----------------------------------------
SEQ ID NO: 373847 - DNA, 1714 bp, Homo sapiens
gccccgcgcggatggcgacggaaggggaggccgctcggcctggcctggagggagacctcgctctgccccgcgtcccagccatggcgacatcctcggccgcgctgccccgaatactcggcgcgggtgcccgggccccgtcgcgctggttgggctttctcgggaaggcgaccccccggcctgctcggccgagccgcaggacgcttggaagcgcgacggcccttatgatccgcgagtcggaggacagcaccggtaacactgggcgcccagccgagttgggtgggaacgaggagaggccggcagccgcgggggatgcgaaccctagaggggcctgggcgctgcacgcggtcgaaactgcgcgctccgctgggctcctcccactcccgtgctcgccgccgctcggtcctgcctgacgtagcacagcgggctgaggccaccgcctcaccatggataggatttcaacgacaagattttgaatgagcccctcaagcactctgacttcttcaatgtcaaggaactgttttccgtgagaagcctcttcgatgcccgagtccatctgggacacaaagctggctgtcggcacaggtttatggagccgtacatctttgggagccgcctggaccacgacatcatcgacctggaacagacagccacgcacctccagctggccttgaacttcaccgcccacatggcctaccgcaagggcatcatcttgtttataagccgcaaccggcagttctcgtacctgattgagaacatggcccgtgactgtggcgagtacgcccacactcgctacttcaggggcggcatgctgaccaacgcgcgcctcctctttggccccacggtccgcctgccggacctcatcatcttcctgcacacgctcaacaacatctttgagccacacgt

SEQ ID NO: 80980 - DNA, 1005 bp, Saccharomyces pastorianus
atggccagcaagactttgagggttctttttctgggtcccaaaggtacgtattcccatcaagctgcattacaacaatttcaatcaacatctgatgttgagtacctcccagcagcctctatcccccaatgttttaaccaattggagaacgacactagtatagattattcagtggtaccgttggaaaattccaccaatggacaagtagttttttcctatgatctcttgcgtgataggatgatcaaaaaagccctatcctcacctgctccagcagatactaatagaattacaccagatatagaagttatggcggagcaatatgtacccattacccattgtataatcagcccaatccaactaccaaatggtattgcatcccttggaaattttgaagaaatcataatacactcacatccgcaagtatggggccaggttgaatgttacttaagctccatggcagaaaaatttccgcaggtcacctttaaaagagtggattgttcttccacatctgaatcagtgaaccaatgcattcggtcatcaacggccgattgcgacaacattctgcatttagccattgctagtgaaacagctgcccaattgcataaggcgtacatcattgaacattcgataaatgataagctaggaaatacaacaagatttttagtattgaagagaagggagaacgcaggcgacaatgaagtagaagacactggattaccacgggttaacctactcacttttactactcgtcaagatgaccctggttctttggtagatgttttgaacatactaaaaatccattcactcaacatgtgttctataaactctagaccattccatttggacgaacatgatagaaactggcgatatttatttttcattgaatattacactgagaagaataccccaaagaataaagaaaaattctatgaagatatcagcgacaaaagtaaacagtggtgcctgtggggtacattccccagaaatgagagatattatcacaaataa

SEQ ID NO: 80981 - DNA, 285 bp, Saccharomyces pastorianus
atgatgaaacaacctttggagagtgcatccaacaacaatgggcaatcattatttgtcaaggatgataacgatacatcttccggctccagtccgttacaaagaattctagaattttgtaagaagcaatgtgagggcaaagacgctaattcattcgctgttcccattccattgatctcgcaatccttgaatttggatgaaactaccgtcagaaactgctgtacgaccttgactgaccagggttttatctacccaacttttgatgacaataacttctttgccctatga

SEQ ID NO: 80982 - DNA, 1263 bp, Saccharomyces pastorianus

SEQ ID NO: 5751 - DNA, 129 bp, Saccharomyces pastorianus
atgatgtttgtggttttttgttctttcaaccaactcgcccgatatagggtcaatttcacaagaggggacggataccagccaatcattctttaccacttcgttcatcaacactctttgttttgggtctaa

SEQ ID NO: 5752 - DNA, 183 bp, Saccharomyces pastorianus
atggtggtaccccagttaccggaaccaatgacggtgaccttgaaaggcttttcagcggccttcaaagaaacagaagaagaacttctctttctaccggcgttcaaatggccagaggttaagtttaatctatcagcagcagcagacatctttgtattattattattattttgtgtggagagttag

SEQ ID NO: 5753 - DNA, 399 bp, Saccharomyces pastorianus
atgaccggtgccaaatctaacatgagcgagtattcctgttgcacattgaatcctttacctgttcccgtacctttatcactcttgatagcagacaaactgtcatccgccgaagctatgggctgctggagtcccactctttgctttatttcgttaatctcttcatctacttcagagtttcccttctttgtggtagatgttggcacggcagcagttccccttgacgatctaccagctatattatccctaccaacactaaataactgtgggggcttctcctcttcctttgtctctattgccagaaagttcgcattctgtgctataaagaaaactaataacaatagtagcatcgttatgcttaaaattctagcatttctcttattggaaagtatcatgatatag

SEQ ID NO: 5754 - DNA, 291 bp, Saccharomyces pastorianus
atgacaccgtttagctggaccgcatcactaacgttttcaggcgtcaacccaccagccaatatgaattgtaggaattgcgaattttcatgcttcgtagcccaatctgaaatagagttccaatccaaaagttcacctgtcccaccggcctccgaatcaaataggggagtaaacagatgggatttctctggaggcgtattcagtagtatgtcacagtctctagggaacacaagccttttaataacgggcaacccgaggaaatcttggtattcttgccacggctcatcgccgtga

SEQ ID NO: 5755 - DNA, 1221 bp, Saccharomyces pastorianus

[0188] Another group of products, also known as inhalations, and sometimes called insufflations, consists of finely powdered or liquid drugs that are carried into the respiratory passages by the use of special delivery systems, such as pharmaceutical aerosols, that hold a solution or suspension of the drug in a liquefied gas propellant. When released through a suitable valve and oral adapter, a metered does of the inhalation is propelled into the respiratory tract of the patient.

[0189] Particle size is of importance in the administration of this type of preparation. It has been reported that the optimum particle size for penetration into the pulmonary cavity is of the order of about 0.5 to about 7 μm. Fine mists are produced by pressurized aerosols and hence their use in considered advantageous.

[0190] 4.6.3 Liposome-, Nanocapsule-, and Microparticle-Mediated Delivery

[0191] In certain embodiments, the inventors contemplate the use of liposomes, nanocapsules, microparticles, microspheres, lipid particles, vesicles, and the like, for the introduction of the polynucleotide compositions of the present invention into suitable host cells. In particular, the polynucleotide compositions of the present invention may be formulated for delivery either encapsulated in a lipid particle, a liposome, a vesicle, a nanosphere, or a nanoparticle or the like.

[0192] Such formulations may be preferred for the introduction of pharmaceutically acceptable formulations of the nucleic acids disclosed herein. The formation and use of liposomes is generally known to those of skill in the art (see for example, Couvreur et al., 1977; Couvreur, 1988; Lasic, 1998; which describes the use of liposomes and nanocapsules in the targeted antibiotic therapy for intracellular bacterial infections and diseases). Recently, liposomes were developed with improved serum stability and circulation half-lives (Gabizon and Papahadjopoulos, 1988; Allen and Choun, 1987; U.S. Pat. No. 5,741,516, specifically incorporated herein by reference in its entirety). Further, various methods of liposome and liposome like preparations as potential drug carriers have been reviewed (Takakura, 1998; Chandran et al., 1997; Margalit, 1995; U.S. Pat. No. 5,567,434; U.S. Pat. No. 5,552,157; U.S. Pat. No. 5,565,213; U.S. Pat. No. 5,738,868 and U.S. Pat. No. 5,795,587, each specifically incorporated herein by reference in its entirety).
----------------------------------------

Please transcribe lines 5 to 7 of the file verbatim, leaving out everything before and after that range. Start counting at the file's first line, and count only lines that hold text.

SEQ ID NO: 80981 - DNA, 285 bp, Saccharomyces pastorianus
atgatgaaacaacctttggagagtgcatccaacaacaatgggcaatcattatttgtcaaggatgataacgatacatcttccggctccagtccgttacaaagaattctagaattttgtaagaagcaatgtgagggcaaagacgctaattcattcgctgttcccattccattgatctcgcaatccttgaatttggatgaaactaccgtcagaaactgctgtacgaccttgactgaccagggttttatctacccaacttttgatgacaataacttctttgccctatga

SEQ ID NO: 80982 - DNA, 1263 bp, Saccharomyces pastorianus